The new film version will premiere on Netflix September 30, 2020
The Boys in the Band, the 1968 play by Mart Crowley has a storied past in gay culture as a groundbreaking depiction of gay life by presenting it unapologetically and providing the audience with some of the first three-dimensional gay characters ever portrayed.
The play, about a group of gay men gather for a birthday party in 1968 New York City, only to find the drinks and laughs interrupted when a visitor from the host’s past turns the evening upside down, premiered Off-Broadway on April 14, 1968, at Theater Four, and closed on September 6, 1970, after 1,001 performances. It was then produced as a feature film in 1970 directed by William Friedkin. In 2018, the play was revived with an all-star, all-gay cast. It was nominated for two Tony Awards, winning Best Revival of a Play.
That revival and that cast are now featured in a new film version directed by Joe Mantello that will debut on Netflix September 30, 2020. It is produced by Ryan Murphy p.g.a., David Stone, Joe Mantello p.g.a., Ned Martel, and Alexis Martin Woodall.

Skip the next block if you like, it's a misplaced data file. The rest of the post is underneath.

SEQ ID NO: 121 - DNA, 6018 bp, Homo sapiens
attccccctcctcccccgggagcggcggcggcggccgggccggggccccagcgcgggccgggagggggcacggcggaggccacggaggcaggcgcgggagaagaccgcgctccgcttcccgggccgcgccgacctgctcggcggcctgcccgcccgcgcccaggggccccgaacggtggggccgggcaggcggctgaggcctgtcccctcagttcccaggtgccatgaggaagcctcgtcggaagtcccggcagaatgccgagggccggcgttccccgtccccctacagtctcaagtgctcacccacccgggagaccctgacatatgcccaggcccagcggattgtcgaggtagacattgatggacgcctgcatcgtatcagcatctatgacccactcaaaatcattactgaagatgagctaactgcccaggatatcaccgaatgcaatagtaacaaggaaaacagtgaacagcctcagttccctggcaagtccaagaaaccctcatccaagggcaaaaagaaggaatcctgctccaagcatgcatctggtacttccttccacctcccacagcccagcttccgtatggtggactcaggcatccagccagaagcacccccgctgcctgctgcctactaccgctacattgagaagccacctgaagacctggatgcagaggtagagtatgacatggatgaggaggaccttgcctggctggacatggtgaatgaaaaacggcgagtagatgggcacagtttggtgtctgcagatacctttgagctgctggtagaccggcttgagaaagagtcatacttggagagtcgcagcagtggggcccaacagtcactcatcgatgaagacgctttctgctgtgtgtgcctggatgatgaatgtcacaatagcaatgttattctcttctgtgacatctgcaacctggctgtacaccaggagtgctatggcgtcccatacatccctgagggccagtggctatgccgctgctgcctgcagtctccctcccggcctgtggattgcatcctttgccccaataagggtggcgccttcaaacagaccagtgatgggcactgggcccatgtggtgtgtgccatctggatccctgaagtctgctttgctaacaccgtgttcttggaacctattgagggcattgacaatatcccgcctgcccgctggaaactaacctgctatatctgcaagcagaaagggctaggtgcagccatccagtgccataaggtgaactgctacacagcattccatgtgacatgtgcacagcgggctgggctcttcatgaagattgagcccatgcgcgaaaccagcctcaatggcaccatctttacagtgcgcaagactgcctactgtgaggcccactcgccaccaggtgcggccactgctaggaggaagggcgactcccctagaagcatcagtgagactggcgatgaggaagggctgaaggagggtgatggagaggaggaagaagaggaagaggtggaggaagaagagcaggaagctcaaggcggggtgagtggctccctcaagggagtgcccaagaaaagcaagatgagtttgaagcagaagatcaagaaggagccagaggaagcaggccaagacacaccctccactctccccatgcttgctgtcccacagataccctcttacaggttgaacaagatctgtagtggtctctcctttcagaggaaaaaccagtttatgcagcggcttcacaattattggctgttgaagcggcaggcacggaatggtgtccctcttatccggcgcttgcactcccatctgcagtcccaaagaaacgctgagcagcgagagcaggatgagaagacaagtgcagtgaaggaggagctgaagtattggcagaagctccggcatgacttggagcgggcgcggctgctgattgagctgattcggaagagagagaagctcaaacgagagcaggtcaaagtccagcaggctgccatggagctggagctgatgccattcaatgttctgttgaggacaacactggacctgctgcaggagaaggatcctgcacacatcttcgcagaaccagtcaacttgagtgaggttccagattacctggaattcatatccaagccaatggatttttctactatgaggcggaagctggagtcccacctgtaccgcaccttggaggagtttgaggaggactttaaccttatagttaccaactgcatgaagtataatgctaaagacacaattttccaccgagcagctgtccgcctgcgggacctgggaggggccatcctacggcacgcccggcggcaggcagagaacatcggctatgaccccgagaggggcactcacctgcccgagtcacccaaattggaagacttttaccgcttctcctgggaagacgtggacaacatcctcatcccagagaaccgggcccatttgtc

More than fifty years after Mart Crowley’s play became an unexpected smash hit for putting gay men’s lives center stage with honesty and humor, The Boys in the Band returns to the screen in a new adaptation that reunites acclaimed director Joe Mantello with the all-star cast of the Tony-winning, 2018 Broadway production. In 1968 New York City – when being gay was still considered to be best kept behind closed doors – a group of friends gather for a raucous birthday party hosted by Michael (Jim Parsons), a screenwriter who spends and drinks too much, in honor of the sharp-dressed and sharp-tongued Harold (Zachary Quinto).
Other partygoers include Donald (Matt Bomer), Michael’s former flame, now mired in self-analysis; Larry (Andrew Rannells), a randy commercial artist living with Hank (Tuc Watkins), a school teacher who has just left his wife; Bernard (Michael Benjamin Washington), a librarian tiptoeing around fraught codes of friendship alongside Emory (Robin de Jesús), a decorator who never holds back; and a guileless hustler (Charlie Carver), hired to be Harold’s gift for the night. What begins as an evening of drinks and laughs gets upended when Alan (Brian Hutchison), Michael’s straight-laced college roommate, shows up unexpectedly and each man is challenged to confront long-buried truths that threaten the foundation of the group’s tight bond.